Daily Reflection

From a Creighton Student's Perspective

June 19, 2011

Justin McCarthy

Junior, Medical Anthropology Major

The Solemnity of the Most Holy Trinity
Ex 34:4b-6, 8-9
Dn 3:52, 53, 54, 55, 56
2 Cor 13:11-13
Jn 3:16-18

John 3:1-21 is Jesus’s dialogue with Nicodemus, a Pharisee who was most likely a member of the Jewish council, the Sanhedrin. Prior to the Gospel passage Jesus says to Nicodemus, “if I tell you about earthly things and you do not believe, how will you believe if I tell you about heavenly things?” (6:12). Jesus then starts referencing Numbers 21:9 in which Moses sticks a serpent on the end of a stick so that the Israelites who themselves had been bitten by serpents could look upon it and live. Jesus says that just as Moses “lifted up” the serpent, “so must the Son of Man be lifted up” (6:14). Jesus is paralleling himself to the Old Testament, claiming that by having the Son of Man crucified he will save man from himself and his sin. It is after this that we see the first reference to eternal life in John.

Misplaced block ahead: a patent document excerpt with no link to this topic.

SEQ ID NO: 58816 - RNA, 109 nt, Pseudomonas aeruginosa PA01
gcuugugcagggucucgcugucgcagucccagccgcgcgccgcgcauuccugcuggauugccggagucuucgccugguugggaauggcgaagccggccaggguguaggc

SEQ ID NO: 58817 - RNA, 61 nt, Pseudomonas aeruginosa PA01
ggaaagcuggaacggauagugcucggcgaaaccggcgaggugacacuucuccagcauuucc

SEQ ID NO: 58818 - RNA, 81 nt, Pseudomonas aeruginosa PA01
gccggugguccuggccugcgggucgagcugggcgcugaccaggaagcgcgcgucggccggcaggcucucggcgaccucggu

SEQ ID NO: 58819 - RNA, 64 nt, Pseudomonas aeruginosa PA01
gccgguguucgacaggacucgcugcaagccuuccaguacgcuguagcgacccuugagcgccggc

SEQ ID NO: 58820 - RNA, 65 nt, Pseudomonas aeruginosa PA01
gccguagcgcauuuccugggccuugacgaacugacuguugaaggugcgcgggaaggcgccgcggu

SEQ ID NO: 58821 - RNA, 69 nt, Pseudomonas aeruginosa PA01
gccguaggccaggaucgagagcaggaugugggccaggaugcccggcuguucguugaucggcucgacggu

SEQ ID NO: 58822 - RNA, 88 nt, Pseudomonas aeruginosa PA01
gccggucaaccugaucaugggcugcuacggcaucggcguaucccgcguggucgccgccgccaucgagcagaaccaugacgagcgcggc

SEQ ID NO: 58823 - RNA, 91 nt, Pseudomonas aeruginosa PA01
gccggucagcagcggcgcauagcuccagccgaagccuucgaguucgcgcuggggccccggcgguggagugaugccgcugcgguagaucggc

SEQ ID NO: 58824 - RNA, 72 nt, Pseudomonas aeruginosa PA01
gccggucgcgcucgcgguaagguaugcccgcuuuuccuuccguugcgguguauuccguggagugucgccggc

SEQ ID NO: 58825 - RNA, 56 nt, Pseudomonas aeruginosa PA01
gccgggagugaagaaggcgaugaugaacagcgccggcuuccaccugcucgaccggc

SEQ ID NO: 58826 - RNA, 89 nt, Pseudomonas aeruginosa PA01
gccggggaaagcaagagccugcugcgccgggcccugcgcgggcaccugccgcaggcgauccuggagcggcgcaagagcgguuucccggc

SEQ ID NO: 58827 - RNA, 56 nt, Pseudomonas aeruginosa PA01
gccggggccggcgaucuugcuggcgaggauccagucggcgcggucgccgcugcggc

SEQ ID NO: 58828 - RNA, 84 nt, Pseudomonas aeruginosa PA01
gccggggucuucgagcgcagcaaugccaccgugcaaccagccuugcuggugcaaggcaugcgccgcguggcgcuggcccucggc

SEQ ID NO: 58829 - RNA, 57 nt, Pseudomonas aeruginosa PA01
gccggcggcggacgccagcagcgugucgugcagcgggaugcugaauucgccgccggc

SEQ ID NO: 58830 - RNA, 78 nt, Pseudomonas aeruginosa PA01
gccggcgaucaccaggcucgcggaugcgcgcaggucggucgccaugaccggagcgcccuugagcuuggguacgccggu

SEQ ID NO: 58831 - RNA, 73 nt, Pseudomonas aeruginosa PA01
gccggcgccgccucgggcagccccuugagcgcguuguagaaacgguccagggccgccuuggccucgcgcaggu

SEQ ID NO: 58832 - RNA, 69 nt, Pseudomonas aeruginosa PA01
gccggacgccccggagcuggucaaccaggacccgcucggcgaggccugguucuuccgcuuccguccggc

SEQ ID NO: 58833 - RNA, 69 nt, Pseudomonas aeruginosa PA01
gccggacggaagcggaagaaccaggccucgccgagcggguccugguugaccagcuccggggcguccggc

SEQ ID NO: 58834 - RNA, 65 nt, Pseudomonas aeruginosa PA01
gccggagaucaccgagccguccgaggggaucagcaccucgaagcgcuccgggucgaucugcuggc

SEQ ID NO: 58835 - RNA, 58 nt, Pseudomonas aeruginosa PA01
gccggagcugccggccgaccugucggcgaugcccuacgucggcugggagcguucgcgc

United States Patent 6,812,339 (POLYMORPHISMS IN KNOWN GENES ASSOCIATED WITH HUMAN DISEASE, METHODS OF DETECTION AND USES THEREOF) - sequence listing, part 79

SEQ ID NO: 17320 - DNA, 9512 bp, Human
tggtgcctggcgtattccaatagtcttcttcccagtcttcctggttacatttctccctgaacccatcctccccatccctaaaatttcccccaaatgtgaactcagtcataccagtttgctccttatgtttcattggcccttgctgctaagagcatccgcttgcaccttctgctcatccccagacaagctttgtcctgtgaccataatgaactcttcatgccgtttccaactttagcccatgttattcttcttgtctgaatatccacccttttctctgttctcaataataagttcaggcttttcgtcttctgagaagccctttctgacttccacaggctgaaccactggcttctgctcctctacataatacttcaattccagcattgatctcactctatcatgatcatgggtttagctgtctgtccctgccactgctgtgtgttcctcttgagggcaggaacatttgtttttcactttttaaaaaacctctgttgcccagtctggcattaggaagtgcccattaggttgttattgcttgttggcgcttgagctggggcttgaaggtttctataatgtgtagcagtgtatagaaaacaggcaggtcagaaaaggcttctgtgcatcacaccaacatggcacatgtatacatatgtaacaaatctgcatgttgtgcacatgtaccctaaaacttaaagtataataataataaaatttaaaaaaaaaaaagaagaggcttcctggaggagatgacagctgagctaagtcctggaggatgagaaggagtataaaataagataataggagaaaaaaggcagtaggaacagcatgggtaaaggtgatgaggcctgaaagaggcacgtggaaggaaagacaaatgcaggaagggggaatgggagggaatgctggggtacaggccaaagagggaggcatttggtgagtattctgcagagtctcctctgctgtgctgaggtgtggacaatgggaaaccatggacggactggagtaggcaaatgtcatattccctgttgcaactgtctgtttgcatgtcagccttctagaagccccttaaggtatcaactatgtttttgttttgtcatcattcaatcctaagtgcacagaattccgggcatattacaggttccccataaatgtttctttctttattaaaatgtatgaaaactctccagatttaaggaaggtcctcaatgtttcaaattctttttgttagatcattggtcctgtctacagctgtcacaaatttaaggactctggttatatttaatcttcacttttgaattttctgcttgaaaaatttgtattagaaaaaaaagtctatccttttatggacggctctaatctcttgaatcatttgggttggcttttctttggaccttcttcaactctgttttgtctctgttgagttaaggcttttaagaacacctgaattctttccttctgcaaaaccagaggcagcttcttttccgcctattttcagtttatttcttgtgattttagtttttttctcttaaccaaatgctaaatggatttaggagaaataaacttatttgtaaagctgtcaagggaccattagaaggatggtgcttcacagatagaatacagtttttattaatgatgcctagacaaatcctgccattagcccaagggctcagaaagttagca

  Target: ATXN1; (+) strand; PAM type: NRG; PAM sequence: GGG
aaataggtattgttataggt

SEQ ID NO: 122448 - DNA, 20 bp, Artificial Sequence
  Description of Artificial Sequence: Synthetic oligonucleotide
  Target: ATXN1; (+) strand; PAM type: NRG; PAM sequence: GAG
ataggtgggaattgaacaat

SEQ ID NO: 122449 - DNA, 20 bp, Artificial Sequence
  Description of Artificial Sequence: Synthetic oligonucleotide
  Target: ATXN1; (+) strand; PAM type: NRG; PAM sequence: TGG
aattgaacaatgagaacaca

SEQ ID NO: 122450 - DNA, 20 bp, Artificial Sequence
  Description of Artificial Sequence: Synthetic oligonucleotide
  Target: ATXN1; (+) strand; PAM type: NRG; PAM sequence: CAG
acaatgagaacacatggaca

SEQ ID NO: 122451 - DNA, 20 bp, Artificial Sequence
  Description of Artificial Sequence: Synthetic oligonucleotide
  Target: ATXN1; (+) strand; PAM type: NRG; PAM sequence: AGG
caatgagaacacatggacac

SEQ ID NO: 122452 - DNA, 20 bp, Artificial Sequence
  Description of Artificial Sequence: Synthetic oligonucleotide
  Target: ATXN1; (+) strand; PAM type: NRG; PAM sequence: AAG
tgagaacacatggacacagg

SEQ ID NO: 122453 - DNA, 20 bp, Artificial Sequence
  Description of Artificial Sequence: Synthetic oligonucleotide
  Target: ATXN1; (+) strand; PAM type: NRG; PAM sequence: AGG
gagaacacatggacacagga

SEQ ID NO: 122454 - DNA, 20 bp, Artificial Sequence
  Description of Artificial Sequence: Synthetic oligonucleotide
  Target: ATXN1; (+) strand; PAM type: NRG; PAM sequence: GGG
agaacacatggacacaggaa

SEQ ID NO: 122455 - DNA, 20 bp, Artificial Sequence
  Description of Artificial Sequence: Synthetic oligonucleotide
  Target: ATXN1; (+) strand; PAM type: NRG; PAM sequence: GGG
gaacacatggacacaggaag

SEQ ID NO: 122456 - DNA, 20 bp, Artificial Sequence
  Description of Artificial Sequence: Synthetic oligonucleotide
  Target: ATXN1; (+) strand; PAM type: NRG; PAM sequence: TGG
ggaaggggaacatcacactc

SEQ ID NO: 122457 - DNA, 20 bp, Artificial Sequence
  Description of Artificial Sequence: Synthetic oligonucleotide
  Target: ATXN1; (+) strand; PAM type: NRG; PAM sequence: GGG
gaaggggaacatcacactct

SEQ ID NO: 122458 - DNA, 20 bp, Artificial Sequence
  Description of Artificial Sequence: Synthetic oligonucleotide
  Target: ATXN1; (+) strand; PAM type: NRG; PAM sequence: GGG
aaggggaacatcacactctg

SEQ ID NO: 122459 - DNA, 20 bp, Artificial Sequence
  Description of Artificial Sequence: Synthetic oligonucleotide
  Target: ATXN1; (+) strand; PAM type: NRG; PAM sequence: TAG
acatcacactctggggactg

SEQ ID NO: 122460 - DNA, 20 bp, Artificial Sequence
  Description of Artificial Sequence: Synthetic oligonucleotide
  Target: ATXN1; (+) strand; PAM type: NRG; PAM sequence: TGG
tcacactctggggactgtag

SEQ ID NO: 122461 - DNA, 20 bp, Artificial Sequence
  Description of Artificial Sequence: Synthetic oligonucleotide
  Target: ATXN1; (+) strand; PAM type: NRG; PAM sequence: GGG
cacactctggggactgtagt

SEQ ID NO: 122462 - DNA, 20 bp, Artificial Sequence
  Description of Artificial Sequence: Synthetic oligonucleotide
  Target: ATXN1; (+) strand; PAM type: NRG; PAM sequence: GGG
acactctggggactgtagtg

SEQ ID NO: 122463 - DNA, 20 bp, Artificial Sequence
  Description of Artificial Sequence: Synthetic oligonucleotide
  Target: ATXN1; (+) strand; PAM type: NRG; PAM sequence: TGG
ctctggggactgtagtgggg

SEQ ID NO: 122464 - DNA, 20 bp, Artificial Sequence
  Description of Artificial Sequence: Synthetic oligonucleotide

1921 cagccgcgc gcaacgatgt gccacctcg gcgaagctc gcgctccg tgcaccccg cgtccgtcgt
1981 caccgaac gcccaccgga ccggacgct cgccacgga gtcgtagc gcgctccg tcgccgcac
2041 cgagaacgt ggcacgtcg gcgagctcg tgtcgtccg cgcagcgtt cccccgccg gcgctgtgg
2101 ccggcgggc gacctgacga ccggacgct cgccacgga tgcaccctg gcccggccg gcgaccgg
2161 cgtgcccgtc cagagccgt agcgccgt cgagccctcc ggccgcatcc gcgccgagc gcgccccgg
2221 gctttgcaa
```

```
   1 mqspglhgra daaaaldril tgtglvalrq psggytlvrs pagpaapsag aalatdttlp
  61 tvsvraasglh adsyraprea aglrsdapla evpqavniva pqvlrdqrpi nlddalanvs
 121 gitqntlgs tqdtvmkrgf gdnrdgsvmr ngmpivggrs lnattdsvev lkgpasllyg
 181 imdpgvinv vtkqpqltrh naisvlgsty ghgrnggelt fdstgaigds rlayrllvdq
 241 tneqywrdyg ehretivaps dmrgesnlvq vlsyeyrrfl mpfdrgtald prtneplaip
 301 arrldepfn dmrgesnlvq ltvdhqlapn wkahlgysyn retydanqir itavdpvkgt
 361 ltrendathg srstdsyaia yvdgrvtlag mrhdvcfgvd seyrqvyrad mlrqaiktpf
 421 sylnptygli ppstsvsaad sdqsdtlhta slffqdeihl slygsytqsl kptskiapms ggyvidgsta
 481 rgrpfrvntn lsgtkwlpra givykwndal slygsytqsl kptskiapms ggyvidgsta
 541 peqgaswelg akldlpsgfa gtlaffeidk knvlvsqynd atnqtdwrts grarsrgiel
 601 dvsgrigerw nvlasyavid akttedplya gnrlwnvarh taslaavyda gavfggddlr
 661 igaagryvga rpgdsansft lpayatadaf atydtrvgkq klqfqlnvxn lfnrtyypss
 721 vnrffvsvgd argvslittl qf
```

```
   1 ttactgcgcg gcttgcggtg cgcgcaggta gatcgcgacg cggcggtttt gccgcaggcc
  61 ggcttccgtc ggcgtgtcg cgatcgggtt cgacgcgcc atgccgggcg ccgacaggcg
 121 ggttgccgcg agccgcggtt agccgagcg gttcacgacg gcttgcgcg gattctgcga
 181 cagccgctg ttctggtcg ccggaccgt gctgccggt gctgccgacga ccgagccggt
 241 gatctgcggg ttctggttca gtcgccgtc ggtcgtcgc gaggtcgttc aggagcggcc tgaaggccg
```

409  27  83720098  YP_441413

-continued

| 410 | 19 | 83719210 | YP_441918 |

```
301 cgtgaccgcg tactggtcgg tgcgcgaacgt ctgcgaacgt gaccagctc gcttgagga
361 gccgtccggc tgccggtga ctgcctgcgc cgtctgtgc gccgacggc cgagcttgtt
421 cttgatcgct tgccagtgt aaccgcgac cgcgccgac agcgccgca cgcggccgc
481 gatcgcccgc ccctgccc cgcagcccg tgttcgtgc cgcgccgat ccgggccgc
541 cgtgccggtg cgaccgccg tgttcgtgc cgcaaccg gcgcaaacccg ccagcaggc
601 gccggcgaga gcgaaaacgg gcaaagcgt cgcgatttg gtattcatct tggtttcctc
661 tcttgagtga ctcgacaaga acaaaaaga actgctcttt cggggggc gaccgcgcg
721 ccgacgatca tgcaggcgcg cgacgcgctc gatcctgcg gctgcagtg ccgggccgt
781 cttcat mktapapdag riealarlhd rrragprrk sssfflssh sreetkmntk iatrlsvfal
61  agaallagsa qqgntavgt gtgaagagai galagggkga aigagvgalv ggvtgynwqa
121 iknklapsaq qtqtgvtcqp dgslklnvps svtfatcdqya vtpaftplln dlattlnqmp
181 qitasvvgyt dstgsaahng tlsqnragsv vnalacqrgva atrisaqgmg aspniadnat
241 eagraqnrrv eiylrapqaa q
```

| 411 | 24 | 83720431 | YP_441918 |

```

But Jesus gets more explicit doesn’t he? In the Gospel, the words 'gave' and 'condemn' have a dual meaning. God “gave” Jesus as a gift so that we may have eternal life through his incarnation and crucifixion but he also “gave” Jesus over to death and to suffering. Likewise, the word 'condemn' also has duality. In one sense it means condemnation while in another it means judgment. The passage says that Jesus didn't come to condemn, to judge, but to save the world; and this is important because while Jesus does expose people’s flaws the aim is at correction not condemnation. This realization contributes to my image of a benevolent God.

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